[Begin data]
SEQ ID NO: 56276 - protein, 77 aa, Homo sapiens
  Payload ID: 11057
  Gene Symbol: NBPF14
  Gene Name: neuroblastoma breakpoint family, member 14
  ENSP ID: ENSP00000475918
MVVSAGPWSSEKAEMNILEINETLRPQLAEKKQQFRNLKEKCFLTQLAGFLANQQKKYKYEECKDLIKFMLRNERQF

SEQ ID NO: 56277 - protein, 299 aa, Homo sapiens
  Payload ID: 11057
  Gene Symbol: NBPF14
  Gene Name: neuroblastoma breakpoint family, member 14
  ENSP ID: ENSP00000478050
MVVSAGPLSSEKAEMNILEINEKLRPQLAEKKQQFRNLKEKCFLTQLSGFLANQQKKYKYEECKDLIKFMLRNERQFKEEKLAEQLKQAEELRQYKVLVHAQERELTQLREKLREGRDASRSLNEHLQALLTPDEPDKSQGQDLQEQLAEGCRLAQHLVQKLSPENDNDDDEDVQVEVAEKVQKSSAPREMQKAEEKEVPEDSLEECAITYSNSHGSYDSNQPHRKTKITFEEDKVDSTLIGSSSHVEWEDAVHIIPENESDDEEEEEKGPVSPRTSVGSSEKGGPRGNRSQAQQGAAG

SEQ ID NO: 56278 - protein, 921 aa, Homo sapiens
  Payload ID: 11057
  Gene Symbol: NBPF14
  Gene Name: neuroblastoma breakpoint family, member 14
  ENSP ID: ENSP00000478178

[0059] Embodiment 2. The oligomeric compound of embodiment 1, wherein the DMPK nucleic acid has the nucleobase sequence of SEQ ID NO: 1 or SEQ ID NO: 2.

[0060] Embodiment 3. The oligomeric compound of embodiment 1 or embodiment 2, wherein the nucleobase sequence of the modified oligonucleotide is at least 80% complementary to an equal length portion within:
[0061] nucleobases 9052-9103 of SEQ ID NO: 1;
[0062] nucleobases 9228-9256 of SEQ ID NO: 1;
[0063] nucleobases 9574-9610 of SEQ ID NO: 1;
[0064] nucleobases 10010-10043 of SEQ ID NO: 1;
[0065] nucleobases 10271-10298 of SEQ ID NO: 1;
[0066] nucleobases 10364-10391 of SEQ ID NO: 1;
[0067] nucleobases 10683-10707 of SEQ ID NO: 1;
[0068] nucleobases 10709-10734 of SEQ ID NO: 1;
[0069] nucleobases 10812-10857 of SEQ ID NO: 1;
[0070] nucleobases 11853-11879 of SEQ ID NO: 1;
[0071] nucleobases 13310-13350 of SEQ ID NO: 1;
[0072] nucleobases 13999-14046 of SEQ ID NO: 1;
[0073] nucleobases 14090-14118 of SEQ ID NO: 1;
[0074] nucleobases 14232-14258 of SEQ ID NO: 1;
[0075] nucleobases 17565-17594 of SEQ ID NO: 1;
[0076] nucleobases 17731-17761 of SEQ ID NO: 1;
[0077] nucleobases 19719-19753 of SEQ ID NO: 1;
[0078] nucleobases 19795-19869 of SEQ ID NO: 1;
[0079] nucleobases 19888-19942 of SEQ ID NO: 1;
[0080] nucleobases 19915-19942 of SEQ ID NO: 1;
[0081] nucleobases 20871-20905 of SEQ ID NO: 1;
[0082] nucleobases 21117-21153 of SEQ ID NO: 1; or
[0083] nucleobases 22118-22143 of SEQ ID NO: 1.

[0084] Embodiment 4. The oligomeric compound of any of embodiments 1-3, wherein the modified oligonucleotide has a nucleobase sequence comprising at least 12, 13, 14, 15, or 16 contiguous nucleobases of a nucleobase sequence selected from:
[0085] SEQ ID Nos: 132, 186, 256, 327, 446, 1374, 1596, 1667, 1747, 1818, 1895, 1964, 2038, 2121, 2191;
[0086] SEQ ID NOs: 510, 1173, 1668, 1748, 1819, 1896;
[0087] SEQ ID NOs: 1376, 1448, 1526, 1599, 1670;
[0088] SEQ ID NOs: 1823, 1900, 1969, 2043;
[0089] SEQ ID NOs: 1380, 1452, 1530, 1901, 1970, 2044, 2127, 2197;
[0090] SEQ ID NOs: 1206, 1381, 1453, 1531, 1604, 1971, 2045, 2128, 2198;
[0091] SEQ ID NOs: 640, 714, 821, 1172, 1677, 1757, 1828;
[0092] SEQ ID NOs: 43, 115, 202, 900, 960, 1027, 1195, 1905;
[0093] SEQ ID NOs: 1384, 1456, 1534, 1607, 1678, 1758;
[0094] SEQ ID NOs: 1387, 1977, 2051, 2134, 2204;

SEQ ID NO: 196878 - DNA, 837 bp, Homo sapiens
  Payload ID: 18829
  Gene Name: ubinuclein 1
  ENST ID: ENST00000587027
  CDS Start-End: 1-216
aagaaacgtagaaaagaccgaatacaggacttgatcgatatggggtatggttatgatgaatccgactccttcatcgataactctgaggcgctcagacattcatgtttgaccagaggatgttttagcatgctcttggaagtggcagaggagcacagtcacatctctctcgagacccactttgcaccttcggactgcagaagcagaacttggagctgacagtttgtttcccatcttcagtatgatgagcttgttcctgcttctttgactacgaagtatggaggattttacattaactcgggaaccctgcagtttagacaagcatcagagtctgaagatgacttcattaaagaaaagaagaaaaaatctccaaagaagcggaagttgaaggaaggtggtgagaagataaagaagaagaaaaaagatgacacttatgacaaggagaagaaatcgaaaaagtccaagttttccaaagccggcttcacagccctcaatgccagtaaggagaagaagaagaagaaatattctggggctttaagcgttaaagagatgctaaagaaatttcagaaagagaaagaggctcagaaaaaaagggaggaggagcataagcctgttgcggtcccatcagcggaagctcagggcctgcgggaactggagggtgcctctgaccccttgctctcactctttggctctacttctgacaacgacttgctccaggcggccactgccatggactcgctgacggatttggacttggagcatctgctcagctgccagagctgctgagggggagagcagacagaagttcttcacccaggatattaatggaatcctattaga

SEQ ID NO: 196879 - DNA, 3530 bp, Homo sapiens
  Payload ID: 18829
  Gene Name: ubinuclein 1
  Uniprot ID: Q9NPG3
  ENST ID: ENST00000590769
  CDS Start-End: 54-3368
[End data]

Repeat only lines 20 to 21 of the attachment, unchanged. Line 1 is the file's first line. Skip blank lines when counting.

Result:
[0061] nucleobases 9052-9103 of SEQ ID NO: 1;
[0062] nucleobases 9228-9256 of SEQ ID NO: 1;